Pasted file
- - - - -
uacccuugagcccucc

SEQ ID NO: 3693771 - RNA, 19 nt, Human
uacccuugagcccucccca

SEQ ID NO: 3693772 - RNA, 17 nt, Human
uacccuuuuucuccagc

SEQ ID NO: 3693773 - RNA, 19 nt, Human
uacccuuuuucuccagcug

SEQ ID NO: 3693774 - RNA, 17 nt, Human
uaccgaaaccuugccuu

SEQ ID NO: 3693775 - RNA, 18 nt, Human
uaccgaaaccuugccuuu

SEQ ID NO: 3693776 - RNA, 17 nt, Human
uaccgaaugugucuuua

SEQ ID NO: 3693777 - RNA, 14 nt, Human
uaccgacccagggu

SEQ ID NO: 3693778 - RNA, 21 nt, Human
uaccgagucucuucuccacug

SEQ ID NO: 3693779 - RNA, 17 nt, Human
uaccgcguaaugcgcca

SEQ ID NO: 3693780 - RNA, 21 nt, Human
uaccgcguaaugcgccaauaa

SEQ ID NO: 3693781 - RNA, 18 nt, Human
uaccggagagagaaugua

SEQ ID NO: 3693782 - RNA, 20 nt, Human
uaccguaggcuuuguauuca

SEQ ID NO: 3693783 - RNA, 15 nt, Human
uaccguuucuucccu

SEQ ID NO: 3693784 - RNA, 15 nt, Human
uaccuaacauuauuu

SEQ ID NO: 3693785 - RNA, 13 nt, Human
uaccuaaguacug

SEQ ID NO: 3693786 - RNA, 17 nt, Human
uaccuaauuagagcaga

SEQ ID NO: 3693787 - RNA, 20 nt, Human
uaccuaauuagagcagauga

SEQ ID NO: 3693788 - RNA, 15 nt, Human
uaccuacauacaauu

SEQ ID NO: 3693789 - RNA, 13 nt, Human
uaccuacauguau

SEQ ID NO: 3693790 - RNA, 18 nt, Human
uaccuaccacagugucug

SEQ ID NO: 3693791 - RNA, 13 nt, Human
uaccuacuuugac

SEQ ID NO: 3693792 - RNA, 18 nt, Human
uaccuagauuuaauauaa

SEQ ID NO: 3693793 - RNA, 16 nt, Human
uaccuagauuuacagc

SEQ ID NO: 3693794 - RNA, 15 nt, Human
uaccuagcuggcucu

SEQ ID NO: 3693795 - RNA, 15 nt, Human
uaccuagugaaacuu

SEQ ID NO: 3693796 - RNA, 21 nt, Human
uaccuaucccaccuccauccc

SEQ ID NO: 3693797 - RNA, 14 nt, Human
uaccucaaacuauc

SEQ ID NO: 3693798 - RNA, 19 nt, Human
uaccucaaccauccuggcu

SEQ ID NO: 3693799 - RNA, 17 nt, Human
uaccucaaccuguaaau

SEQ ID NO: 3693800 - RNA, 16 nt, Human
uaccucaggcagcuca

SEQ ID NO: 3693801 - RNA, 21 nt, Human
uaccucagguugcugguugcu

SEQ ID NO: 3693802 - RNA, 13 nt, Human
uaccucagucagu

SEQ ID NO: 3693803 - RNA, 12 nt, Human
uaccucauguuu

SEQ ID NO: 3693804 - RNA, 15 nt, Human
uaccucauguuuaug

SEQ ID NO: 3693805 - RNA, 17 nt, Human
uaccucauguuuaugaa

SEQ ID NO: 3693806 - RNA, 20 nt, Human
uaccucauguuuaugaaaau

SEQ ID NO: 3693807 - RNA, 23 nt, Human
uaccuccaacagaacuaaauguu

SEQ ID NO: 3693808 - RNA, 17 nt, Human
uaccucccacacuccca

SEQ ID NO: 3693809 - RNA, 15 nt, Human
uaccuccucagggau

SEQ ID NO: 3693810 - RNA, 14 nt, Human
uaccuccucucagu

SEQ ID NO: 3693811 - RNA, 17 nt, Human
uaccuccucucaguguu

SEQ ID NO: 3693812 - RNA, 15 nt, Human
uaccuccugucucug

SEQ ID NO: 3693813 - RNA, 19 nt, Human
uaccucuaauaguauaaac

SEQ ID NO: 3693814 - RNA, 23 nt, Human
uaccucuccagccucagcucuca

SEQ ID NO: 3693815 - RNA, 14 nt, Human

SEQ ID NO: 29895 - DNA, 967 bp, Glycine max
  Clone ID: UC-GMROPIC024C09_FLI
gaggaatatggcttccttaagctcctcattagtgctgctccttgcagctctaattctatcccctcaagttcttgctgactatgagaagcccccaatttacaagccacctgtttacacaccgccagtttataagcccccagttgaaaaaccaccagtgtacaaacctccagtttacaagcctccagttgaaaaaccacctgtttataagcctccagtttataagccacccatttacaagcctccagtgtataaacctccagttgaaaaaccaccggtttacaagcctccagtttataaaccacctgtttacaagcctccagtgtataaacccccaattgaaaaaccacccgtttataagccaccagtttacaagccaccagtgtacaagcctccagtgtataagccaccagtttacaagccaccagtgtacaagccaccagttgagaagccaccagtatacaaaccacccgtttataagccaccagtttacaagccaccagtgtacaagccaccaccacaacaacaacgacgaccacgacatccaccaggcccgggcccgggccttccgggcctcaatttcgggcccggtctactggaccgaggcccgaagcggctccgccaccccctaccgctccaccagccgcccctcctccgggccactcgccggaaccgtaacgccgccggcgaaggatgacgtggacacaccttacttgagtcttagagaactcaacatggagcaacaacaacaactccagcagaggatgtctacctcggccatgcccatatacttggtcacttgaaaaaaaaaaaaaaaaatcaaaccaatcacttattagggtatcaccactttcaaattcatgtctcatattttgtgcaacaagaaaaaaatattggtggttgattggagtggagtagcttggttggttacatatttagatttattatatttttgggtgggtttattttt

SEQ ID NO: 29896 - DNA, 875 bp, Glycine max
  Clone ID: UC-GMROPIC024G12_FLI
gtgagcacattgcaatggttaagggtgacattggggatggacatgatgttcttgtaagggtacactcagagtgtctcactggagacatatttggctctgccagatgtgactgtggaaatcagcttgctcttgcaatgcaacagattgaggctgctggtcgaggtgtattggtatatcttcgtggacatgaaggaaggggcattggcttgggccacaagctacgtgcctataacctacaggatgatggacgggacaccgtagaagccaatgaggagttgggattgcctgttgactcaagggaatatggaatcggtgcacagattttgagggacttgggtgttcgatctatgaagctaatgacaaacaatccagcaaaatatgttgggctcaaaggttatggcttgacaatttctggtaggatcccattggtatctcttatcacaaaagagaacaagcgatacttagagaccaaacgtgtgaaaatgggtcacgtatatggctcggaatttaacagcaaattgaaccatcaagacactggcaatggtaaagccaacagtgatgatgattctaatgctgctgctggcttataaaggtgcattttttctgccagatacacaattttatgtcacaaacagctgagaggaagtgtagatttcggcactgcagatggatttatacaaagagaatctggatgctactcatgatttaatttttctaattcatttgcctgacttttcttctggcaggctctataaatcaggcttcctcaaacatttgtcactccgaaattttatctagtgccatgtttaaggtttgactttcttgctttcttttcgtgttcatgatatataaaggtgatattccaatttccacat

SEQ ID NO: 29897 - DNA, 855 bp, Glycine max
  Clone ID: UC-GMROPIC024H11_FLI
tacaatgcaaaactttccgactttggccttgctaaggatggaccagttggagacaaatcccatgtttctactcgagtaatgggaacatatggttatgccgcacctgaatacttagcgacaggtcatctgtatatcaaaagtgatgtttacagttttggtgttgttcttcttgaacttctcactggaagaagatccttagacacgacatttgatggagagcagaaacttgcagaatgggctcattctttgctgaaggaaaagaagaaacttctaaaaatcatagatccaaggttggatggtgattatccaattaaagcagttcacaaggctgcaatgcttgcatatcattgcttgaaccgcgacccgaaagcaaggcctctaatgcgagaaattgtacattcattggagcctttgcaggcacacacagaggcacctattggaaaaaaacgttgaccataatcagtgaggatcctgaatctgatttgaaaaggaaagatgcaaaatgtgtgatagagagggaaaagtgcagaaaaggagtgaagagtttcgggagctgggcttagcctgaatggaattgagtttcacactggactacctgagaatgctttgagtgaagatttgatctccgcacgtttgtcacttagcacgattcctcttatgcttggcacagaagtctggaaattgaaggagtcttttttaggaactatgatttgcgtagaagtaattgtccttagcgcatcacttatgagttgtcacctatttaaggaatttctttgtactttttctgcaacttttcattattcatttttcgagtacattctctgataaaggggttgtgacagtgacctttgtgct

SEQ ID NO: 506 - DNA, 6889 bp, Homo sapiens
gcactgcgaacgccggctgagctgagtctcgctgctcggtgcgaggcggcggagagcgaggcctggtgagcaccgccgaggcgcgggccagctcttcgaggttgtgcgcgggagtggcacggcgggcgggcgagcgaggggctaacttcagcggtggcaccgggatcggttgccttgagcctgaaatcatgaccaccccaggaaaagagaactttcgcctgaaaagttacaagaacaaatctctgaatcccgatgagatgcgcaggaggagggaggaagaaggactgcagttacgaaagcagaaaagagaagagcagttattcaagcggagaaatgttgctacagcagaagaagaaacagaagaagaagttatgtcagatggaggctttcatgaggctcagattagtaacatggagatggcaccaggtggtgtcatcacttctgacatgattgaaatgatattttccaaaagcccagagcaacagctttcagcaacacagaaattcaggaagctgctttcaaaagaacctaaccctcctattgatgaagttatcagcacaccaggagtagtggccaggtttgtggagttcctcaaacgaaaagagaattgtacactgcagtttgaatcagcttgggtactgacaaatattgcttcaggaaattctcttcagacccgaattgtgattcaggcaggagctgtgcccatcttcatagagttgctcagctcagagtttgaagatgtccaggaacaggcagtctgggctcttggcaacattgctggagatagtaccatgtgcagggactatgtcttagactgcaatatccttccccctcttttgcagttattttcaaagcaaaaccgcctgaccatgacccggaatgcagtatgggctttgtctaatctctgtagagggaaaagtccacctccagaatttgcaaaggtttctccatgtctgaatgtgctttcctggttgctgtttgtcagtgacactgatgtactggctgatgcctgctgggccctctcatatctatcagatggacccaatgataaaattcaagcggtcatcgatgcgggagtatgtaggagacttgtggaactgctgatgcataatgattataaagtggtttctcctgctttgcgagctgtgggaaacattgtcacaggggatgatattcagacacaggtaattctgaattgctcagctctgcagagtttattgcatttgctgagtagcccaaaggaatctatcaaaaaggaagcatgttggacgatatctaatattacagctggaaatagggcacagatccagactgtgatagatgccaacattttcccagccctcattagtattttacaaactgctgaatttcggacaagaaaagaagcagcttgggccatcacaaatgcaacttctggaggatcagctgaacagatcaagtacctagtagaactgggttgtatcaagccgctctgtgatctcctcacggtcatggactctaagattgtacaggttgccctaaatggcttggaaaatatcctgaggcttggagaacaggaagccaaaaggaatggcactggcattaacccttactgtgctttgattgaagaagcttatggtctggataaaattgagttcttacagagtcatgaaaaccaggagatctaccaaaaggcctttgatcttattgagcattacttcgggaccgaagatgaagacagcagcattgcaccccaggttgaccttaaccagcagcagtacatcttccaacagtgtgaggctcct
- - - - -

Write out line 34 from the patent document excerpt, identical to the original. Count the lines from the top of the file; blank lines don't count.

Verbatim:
SEQ ID NO: 3693787 - RNA, 20 nt, Human